Don't you know that you can count me out.
Long-time readers know I've never been a fan of the "Stop Snitching" mantra (although I think its popularity portends tremendous political and sociological implications). I don't believe it's possible or wise to 100% eliminate the tactic of "flipping" informants from law enforcement's repertoire.
The problems arise because coerced informants have become a major source of police corruption and the second leading cause of wrongful convictions. To me, a more effective rhetorical and strategic approach would focus on identifying policy changes to reduce or mitigate bad outcomes from police reliance on criminal informants.
Here are two more grass roots political responses to snitching that take approaches toward the problem I disagree with, even if I may share some of the participants' goals:
First, the Whosarat database (discussed earlier on Grits here, here, here and here), has offered a $500 bounty for the "most interesting" informant case:
Who’s A Rat (www.whosarat.com) is running a contest with a prize of $500 for the “Most Interesting” new informant profile. The contest will begin on January 8th and all new informant profiles posted between January 8th and February 8th will be considered for the prize. In order to be considered for the contest, all entries must contain documentation of their co-operation with the government.I understand the impetus behind the Whosarat database and even consider it a quite clever activist business model. As I've written before, though, "Whatever the intent, the tactic risks becoming a stalking horse for thuggery -- protected by the First Amendment and existing case law, to be sure, but irresponsible, I think, to say the least. Bottom line, I think we shouldn't stop snitching, but reform it."
I don't mind naming informants who've been revealed in court documents or investigating their background. Not only have I done so on this blog, I think there needs to be a lot more disclosure and transparency about police use of criminal informants. But the Whosarat approach walks and IMO sometimes crosses a narrow line between generating information needed by attorneys, defendants and the media and intentionally creating and marketing a target list that invites retaliation against the people in it.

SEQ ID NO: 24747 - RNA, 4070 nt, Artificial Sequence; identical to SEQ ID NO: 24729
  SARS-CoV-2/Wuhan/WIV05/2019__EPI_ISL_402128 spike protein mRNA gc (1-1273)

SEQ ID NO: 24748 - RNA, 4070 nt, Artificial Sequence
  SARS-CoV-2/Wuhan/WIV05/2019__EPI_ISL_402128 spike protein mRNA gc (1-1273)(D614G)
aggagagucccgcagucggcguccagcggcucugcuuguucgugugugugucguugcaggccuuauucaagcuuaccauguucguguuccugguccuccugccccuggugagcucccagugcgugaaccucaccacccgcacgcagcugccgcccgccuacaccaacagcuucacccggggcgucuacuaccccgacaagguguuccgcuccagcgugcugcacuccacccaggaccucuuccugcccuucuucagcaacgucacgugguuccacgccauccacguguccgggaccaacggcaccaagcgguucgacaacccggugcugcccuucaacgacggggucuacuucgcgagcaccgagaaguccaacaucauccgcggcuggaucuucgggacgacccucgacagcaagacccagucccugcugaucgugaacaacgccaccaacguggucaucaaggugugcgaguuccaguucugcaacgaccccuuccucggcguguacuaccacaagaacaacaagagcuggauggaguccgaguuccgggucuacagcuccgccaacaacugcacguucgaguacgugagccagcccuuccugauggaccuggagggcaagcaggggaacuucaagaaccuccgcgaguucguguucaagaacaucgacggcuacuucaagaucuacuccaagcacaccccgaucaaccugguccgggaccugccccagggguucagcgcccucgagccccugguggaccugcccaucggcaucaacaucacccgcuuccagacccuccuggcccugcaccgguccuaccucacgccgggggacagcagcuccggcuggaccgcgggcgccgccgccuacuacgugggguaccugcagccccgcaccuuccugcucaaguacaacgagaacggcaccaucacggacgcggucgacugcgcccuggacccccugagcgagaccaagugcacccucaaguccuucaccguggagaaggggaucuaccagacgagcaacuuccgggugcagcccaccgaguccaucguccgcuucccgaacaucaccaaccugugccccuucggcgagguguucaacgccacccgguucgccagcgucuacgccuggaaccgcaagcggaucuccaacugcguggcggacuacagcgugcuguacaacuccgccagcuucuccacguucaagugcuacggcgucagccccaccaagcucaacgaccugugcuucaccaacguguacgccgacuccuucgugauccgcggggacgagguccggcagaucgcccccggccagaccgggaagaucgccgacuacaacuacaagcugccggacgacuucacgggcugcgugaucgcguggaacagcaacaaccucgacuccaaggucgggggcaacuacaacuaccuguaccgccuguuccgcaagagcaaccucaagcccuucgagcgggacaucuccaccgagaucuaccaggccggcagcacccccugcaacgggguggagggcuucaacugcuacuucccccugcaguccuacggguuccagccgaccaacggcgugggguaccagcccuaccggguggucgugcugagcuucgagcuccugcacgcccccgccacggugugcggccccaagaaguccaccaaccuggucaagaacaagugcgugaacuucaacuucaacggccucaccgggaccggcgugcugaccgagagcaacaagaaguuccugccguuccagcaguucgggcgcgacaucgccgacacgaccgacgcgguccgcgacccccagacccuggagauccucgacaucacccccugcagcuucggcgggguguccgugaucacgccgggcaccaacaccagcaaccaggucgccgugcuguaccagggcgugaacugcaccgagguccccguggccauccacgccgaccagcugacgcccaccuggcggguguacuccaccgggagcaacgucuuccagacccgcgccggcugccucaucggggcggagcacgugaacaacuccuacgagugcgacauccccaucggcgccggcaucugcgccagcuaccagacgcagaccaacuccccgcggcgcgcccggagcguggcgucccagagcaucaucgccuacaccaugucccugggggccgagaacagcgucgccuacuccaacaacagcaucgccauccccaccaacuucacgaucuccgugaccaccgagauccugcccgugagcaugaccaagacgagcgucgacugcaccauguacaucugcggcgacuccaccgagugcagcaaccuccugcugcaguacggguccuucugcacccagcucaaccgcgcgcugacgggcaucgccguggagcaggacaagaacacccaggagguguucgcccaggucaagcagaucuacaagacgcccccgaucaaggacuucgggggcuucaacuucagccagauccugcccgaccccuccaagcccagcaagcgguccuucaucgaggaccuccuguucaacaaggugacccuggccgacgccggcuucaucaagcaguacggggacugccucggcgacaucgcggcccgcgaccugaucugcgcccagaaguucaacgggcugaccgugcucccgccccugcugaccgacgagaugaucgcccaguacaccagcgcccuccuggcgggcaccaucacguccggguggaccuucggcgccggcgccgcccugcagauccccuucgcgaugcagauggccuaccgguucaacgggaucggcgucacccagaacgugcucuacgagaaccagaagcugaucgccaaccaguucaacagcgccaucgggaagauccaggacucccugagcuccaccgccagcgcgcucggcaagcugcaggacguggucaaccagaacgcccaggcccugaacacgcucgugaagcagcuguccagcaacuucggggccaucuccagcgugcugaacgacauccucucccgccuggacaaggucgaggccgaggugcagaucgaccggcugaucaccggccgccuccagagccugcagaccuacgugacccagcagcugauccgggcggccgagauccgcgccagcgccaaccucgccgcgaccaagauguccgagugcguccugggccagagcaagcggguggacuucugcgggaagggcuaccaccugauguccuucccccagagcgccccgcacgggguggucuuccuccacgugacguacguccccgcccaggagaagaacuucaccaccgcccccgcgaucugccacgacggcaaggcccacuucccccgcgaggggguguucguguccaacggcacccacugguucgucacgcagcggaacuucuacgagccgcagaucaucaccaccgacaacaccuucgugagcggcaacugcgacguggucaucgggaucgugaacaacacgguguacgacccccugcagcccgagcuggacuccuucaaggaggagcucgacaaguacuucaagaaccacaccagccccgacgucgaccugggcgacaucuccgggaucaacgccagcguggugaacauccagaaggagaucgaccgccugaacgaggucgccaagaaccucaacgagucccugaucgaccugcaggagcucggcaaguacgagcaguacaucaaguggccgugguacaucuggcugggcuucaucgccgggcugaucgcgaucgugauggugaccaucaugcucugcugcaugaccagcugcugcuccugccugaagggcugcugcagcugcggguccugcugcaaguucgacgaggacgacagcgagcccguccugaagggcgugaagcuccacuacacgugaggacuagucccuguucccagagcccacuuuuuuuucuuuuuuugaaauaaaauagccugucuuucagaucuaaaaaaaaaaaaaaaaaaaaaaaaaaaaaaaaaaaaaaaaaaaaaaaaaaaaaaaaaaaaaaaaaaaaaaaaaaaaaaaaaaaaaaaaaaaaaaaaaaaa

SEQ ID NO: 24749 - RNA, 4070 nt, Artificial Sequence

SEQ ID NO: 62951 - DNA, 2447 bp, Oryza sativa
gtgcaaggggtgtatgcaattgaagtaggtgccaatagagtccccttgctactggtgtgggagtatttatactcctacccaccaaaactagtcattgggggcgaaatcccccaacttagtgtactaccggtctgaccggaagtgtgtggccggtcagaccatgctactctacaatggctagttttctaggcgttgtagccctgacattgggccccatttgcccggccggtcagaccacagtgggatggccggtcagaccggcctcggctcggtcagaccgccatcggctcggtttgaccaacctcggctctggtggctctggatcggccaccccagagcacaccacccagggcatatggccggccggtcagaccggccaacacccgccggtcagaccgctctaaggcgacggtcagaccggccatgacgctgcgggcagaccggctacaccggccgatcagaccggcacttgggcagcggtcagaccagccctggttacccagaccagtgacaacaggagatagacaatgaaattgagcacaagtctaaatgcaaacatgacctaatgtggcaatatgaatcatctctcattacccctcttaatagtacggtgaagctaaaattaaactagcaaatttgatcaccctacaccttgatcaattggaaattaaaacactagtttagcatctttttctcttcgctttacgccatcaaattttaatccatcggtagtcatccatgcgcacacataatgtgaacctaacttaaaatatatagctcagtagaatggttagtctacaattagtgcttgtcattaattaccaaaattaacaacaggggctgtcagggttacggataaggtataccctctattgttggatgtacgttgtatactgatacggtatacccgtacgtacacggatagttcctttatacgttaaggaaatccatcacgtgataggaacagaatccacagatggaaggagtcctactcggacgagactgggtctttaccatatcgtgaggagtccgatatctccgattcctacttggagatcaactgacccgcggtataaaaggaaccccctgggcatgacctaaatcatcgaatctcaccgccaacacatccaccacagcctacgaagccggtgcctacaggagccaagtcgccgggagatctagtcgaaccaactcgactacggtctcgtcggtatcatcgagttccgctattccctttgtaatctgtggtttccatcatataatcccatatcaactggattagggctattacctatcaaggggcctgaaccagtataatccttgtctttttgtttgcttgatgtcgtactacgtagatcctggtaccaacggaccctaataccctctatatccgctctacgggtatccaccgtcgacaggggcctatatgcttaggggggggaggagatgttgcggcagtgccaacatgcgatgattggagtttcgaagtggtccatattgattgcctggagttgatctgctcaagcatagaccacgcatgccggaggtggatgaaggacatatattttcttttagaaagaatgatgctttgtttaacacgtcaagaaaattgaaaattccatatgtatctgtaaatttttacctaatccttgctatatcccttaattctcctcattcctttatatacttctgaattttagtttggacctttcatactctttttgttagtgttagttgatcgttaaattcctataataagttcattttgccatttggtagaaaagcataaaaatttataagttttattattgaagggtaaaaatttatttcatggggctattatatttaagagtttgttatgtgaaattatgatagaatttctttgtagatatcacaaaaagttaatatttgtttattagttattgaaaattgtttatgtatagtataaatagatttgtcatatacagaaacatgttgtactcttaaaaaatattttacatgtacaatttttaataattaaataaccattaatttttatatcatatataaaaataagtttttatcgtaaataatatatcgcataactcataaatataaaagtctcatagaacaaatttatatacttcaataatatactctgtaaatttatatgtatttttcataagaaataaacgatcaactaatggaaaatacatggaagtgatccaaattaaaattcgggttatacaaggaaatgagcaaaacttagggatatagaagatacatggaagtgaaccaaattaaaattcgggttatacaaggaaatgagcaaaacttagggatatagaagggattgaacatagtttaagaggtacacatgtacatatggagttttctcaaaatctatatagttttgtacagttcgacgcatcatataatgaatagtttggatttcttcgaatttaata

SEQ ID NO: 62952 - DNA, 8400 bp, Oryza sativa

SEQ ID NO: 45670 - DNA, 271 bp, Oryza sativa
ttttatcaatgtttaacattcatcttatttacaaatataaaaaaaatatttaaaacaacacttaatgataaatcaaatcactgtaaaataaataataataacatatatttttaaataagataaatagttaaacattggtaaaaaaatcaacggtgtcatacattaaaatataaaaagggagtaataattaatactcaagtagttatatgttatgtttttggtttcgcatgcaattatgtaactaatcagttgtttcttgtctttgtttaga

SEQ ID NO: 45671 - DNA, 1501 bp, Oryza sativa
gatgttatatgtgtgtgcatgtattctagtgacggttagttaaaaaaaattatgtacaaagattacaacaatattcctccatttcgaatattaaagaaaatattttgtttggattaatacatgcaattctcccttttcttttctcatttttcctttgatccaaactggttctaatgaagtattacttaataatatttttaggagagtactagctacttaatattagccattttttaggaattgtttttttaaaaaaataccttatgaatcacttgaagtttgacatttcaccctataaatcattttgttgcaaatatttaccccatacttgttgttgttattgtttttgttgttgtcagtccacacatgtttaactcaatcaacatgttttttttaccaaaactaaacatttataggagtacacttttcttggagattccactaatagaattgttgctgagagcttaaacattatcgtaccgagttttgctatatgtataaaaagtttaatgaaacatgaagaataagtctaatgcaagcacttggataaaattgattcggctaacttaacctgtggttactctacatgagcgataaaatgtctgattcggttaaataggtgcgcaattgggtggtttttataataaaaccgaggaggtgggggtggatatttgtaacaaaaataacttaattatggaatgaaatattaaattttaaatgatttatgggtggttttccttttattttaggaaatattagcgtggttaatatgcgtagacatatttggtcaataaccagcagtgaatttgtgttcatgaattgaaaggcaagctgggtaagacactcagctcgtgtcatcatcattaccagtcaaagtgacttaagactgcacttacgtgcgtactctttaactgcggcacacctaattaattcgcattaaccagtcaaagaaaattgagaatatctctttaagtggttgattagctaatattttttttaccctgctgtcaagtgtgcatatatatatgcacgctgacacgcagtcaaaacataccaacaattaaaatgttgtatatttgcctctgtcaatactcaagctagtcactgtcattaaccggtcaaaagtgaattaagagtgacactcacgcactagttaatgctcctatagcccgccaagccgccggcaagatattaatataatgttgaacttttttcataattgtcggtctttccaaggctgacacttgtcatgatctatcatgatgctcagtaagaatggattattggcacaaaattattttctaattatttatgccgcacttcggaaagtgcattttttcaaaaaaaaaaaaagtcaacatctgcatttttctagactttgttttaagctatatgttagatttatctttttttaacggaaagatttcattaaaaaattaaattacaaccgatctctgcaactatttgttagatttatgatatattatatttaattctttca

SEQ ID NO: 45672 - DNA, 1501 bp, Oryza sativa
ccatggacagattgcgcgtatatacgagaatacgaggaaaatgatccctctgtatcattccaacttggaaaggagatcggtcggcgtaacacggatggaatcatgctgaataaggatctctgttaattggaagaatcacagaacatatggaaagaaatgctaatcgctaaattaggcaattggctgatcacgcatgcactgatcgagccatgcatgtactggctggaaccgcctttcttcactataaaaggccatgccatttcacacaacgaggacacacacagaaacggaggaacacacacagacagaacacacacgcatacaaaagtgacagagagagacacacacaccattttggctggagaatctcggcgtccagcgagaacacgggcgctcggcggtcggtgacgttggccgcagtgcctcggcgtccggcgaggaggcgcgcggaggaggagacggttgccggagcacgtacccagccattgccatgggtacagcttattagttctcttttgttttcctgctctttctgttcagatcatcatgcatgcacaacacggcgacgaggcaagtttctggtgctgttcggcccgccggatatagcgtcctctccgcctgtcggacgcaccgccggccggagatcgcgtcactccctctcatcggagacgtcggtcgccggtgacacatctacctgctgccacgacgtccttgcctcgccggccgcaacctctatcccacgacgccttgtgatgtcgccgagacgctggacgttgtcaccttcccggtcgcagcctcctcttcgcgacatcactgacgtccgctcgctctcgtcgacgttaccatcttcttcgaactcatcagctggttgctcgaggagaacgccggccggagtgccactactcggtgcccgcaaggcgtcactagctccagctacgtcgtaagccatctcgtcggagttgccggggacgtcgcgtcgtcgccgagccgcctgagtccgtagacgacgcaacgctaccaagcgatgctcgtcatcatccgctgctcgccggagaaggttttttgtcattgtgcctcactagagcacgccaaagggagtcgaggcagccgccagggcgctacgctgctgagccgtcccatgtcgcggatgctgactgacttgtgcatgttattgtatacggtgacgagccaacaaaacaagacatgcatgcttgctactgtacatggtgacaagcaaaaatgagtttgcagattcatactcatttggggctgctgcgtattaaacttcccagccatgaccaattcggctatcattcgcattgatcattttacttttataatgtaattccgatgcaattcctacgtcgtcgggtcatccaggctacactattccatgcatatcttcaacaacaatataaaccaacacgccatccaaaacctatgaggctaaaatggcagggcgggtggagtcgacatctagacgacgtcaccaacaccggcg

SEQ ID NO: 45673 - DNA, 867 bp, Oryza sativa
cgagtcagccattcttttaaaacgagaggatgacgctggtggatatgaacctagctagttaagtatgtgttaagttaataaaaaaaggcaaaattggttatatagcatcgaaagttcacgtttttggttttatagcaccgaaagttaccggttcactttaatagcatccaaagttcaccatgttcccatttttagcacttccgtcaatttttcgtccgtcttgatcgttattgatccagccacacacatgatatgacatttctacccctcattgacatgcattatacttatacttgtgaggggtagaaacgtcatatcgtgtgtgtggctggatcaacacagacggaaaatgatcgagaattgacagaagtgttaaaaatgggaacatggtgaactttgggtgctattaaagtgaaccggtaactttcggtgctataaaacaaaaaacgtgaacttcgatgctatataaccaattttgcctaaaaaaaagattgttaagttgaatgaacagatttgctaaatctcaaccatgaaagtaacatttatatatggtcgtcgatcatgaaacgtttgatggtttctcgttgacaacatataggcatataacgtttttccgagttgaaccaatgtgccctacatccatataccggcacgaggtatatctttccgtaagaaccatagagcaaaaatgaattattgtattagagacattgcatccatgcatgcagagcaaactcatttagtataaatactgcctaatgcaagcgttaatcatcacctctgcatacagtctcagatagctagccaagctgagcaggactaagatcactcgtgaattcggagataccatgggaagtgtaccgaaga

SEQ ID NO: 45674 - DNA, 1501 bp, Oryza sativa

Meanwhile, I recently ran across another misguided approach to the topic of "snitching" from the "National Hip Hop Political Convention," which adopted as its theme for a political forum last summer in Atlanta: "F**k the Police: Why Hip Hop Does Not Cooperate."
I can't think of a more foolish and harmful message. The Whosarat people, IMO, are behaving more responsibly.
At least you can argue that Cam'ron was caught off guard on 60 Minutes when he gave his dumb as dirt declaration that he wouldn't snitch on a serial killer ... if you can imagine, a group of political activists actually sat down and thought about the "F**k the Police" event before coming up with that title and message! I wonder who they're trying to convince?
Listen to the video for examples of the kind of narcissistic, short-sighted BS that apparently passes for Hip Hop political analysis these days.
Indeed, art and political strategy are two entirely different things. (Though there is surely "art" to political strategy, the tactics, sadly, do not typically translate across media.) I'm not sure Hip Hop has its own "politics" any more than one can embrace the politics of the violin concerto or of barrelhouse piano. But I know for sure the overall political message promoted at this event was destructive.
Thankfully at least one speaker, Dereka Blackmon, had the courage to tell the crowd that the "F**k the Police" theme was "irresponsible," basically selling kids a political message that was likely to get a bunch of them killed. (She got applause for the line, but hers was a minority opinion.)
A real-world political approach must insist on and reinforce the distinctions between a "witness" and a "snitch" or government informant who trades away their own culpability for a crime in exchange for testimony. Failing to report crime harms real people, just as it harms the neighborhood when criminals are allowed by police to ply their trade because they gave information on someone else. In other words, by framing the debate this way, IMO the Hip Hop Political Convention emboldens and empowers their most bitter and disingenuous critics.
And yes, before it's said in the comments, some speakers did make that distinction, criticizing those who don't take responsibility for their own actions in the justice system as "dishonorable" and distinct from typical witnesses. But who would come to the event to hear those distinctions given how they promoted it?
Just telling youth they should "not cooperate" plays directly into reactionary dismissals of the recently publicized "stop snitching" campaigns. Though several speakers criticized Cam'ron's 60 Minutes response, the truth is that organizers of this event made the same mistake he did, and then some.